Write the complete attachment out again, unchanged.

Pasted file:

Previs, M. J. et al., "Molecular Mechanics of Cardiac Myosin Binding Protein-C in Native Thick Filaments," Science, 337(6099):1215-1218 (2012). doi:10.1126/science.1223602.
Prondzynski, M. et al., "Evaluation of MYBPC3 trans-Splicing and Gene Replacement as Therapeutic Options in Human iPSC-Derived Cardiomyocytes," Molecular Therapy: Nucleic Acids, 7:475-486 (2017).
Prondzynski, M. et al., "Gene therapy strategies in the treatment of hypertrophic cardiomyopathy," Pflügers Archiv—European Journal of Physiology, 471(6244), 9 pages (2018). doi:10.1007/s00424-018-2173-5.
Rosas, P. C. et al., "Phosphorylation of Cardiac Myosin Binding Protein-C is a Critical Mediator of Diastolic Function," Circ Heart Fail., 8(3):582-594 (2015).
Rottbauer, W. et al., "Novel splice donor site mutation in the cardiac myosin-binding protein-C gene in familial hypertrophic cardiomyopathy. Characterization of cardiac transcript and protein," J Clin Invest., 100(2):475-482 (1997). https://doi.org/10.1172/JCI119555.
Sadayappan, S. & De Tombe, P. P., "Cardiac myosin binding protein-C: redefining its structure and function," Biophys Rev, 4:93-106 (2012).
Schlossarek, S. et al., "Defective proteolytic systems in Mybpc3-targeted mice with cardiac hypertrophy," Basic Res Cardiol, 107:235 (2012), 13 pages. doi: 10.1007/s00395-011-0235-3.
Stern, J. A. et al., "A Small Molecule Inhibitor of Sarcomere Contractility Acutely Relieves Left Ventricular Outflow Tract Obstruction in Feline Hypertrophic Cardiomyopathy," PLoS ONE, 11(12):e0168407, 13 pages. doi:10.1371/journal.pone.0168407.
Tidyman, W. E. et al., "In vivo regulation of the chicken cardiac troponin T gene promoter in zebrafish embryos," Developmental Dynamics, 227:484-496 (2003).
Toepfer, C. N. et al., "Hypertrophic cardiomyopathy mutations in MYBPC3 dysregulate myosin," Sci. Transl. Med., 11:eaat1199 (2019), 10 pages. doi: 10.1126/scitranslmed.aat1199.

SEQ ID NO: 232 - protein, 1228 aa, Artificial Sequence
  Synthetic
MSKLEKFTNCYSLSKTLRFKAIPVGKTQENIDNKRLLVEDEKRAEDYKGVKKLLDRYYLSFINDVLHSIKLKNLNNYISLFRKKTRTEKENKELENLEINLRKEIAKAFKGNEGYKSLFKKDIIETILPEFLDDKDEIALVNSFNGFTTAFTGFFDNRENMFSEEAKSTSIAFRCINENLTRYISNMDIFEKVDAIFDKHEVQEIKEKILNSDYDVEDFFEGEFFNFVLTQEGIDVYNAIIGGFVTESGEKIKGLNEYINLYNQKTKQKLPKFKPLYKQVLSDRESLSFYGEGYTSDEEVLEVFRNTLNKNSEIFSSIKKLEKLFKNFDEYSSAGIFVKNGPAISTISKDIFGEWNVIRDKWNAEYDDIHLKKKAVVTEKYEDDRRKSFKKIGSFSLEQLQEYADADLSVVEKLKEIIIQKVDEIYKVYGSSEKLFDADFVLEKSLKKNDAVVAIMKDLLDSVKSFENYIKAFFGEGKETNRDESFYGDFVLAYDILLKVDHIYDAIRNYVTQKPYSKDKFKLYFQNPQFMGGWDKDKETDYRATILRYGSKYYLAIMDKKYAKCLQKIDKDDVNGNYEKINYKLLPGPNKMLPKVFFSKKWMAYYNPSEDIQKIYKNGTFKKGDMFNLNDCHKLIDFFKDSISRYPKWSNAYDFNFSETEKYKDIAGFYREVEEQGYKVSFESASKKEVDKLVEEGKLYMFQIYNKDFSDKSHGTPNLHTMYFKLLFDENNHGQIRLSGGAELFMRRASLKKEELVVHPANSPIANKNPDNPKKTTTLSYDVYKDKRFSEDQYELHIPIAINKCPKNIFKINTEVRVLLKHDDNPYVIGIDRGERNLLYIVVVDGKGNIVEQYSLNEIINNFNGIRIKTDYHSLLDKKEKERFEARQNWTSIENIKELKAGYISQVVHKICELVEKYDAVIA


Previs, M. J. et al., "Molecular Mechanics of Cardiac Myosin Binding Protein-C in Native Thick Filaments," Science, 337(6099):1215-1218 (2012). doi:10.1126/science.1223602.
Prondzynski, M. et al., "Evaluation of MYBPC3 trans-Splicing and Gene Replacement as Therapeutic Options in Human iPSC-Derived Cardiomyocytes," Molecular Therapy: Nucleic Acids, 7:475-486 (2017).
Prondzynski, M. et al., "Gene therapy strategies in the treatment of hypertrophic cardiomyopathy," Pflügers Archiv—European Journal of Physiology, 471(6244), 9 pages (2018). doi:10.1007/s00424-018-2173-5.
Rosas, P. C. et al., "Phosphorylation of Cardiac Myosin Binding Protein-C is a Critical Mediator of Diastolic Function," Circ Heart Fail., 8(3):582-594 (2015).
Rottbauer, W. et al., "Novel splice donor site mutation in the cardiac myosin-binding protein-C gene in familial hypertrophic cardiomyopathy. Characterization of cardiac transcript and protein," J Clin Invest., 100(2):475-482 (1997). https://doi.org/10.1172/JCI119555.
Sadayappan, S. & De Tombe, P. P., "Cardiac myosin binding protein-C: redefining its structure and function," Biophys Rev, 4:93-106 (2012).
Schlossarek, S. et al., "Defective proteolytic systems in Mybpc3-targeted mice with cardiac hypertrophy," Basic Res Cardiol, 107:235 (2012), 13 pages. doi: 10.1007/s00395-011-0235-3.
Stern, J. A. et al., "A Small Molecule Inhibitor of Sarcomere Contractility Acutely Relieves Left Ventricular Outflow Tract Obstruction in Feline Hypertrophic Cardiomyopathy," PLoS ONE, 11(12):e0168407, 13 pages. doi:10.1371/journal.pone.0168407.
Tidyman, W. E. et al., "In vivo regulation of the chicken cardiac troponin T gene promoter in zebrafish embryos," Developmental Dynamics, 227:484-496 (2003).
Toepfer, C. N. et al., "Hypertrophic cardiomyopathy mutations in MYBPC3 dysregulate myosin," Sci. Transl. Med., 11:eaat1199 (2019), 10 pages. doi: 10.1126/scitranslmed.aat1199.

SEQ ID NO: 232 - protein, 1228 aa, Artificial Sequence
  Synthetic
MSKLEKFTNCYSLSKTLRFKAIPVGKTQENIDNKRLLVEDEKRAEDYKGVKKLLDRYYLSFINDVLHSIKLKNLNNYISLFRKKTRTEKENKELENLEINLRKEIAKAFKGNEGYKSLFKKDIIETILPEFLDDKDEIALVNSFNGFTTAFTGFFDNRENMFSEEAKSTSIAFRCINENLTRYISNMDIFEKVDAIFDKHEVQEIKEKILNSDYDVEDFFEGEFFNFVLTQEGIDVYNAIIGGFVTESGEKIKGLNEYINLYNQKTKQKLPKFKPLYKQVLSDRESLSFYGEGYTSDEEVLEVFRNTLNKNSEIFSSIKKLEKLFKNFDEYSSAGIFVKNGPAISTISKDIFGEWNVIRDKWNAEYDDIHLKKKAVVTEKYEDDRRKSFKKIGSFSLEQLQEYADADLSVVEKLKEIIIQKVDEIYKVYGSSEKLFDADFVLEKSLKKNDAVVAIMKDLLDSVKSFENYIKAFFGEGKETNRDESFYGDFVLAYDILLKVDHIYDAIRNYVTQKPYSKDKFKLYFQNPQFMGGWDKDKETDYRATILRYGSKYYLAIMDKKYAKCLQKIDKDDVNGNYEKINYKLLPGPNKMLPKVFFSKKWMAYYNPSEDIQKIYKNGTFKKGDMFNLNDCHKLIDFFKDSISRYPKWSNAYDFNFSETEKYKDIAGFYREVEEQGYKVSFESASKKEVDKLVEEGKLYMFQIYNKDFSDKSHGTPNLHTMYFKLLFDENNHGQIRLSGGAELFMRRASLKKEELVVHPANSPIANKNPDNPKKTTTLSYDVYKDKRFSEDQYELHIPIAINKCPKNIFKINTEVRVLLKHDDNPYVIGIDRGERNLLYIVVVDGKGNIVEQYSLNEIINNFNGIRIKTDYHSLLDKKEKERFEARQNWTSIENIKELKAGYISQVVHKICELVEKYDAVIA